By David B. Koch, D.C., and Rebecca Koch
A new employee of Life University, who had no previous knowledge of chiropractors or chiropractic care, recently related a disturbing story. He said that one of the first times he told someone where he worked, the person responded with the statement, “Why would you want to work there? Chiropractors kill people.”
Where does that sort of outrageously unfounded prejudice against chiropractors come from? The people who harbor it, like most prejudiced people, would likely tell you that it’s common knowledge. Just like other forms of pernicious prejudice, the facts don’t matter. Nor do the millions of patients who have benefitted from chiropractic care, some of them to the point of having their whole lives changed for the better.
the persecution’s beginning
It might surprise some to learn that the sort of prejudice encountered by our new LIFE colleague is actually an echo of an orchestrated campaign to discredit and then eliminate Chiropractic from the face of the earth. And, even though more than 700 chiropractors went to jail to save their profession, it was actually their patients who turned the tide by demanding the release of their chiropractors so that they could continue to provide them with the care that had benefited their lives and health.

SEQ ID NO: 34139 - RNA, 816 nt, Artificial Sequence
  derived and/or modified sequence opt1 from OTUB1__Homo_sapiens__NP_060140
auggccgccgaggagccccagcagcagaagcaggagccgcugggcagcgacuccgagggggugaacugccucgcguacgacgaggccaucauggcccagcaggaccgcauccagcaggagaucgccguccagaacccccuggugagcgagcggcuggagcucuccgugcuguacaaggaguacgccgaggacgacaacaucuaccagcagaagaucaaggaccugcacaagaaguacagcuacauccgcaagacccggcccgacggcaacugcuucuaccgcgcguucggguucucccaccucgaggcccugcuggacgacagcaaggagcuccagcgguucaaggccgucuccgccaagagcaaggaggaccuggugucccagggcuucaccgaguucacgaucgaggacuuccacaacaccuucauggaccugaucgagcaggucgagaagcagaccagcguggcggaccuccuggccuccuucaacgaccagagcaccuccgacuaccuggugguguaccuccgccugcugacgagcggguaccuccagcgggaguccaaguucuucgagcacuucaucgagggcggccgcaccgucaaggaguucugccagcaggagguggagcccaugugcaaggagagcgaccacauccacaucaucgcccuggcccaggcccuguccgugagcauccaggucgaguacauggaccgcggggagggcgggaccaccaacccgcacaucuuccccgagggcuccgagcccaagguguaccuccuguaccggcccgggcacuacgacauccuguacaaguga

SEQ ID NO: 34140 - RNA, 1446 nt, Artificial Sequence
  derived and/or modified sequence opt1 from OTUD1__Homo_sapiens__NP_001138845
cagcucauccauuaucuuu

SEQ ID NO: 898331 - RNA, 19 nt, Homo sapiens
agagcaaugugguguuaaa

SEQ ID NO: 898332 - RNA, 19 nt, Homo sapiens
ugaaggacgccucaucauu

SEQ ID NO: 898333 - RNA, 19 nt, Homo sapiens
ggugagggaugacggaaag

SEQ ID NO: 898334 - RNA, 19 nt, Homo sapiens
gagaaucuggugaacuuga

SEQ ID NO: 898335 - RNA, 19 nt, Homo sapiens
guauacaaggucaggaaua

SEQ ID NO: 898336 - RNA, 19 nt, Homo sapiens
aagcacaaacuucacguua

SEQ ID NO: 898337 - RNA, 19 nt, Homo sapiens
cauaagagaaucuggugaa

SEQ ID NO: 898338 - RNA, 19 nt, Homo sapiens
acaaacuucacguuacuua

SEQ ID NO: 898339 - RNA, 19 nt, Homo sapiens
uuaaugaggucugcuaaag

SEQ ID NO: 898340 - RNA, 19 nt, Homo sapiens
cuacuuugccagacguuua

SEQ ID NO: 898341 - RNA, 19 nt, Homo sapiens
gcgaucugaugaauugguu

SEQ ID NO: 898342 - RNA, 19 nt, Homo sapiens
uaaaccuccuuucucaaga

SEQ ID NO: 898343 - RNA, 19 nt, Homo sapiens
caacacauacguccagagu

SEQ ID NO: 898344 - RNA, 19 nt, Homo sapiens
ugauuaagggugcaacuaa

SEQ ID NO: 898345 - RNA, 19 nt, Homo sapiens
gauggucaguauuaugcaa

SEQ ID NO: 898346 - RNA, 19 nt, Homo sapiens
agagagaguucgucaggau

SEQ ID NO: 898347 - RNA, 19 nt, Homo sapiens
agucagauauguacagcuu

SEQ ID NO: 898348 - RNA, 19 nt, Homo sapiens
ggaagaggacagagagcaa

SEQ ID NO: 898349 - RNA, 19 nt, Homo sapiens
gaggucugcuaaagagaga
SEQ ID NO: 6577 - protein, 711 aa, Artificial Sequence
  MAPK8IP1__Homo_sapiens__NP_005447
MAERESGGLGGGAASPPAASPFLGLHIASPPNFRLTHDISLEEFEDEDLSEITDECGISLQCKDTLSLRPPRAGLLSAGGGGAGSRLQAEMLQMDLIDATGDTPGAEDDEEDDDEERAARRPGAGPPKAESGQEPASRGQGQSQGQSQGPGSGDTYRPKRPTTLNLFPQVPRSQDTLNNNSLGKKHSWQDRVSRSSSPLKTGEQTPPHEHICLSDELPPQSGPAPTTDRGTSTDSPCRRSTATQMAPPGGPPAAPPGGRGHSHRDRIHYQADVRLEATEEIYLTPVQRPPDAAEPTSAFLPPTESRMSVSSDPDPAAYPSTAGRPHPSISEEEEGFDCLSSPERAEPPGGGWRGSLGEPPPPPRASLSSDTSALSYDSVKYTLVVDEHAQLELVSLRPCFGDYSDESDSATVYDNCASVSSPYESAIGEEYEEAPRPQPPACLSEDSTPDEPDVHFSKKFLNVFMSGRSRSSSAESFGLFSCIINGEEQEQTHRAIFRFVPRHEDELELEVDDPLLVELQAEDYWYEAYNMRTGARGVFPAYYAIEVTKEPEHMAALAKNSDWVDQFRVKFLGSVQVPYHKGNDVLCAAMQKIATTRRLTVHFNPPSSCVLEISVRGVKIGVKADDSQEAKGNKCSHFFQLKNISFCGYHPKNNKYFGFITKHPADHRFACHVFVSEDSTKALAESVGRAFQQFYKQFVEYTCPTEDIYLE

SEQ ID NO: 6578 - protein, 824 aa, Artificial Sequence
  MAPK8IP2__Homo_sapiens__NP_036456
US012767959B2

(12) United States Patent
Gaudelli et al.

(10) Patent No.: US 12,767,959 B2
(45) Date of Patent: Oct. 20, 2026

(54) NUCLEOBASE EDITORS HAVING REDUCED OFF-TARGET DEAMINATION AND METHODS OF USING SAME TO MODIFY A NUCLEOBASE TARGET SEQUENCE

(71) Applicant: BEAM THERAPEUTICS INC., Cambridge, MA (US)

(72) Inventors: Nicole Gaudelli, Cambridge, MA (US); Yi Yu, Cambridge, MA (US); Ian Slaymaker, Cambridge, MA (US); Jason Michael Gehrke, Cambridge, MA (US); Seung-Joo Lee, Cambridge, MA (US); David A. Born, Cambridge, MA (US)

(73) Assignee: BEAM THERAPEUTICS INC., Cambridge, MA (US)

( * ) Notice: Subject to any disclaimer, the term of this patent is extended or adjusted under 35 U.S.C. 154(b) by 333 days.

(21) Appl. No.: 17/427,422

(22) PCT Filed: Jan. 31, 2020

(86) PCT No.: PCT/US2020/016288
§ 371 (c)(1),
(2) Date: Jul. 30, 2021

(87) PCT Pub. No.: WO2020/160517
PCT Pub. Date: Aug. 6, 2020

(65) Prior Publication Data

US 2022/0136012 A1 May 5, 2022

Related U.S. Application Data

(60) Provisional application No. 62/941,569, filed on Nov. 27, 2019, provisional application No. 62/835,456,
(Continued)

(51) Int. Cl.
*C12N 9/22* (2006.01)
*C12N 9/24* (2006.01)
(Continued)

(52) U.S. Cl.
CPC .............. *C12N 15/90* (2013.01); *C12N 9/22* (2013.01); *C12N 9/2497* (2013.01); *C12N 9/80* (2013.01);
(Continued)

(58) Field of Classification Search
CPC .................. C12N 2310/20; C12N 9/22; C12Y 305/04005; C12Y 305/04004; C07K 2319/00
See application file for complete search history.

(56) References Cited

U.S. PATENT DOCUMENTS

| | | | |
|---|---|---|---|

D.D. Palmer, who in 1895 discovered the benefits of correcting vertebral misalignments, established and practiced his art relatively unmolested until 1906, when he was jailed for practicing “medicine” without a license. Despite the absurdity of trying a man for a practice unrecognized by medicine, D.D. was convicted and, oddly, sentenced to serve six months and/or to pay a $350 fine. D.D. vowed he would never pay the fine, but his lawyer pointed out to D.D.’s wife the futility of D.D.’s refusal to pay the fine since the judge’s somewhat odd “and/or” clause meant that D.D. would end up having to pay the fine after he’d served the six months. Basically, the lawyer said, pay now and get out of jail or stay in jail and pay the fine. While D.D. may have kept his vow and never paid the fine, his wife did pay, and D.D. was released from the obligation to serve the six months.
Interestingly, D.D.’s son B.J. Palmer, who is honored as the developer of Chiropractic because of his lifetime of thoughtful commitment to his profession, was also indicted on the charge of practicing medicine without a license, but it never came to trial. Many have speculated that Palmer’s trial and conviction may have been the result of D.D. being something of a deadbeat when it came to paying his bills, while B.J. was scrupulous about paying his debts and generating community goodwill. However, during his father’s trial, B.J. had tried mightily to keep D.D. from being convicted, during which time he put a great deal of thought into a long-term defense strategy to protect chiropractors, as well as the fledgling profession.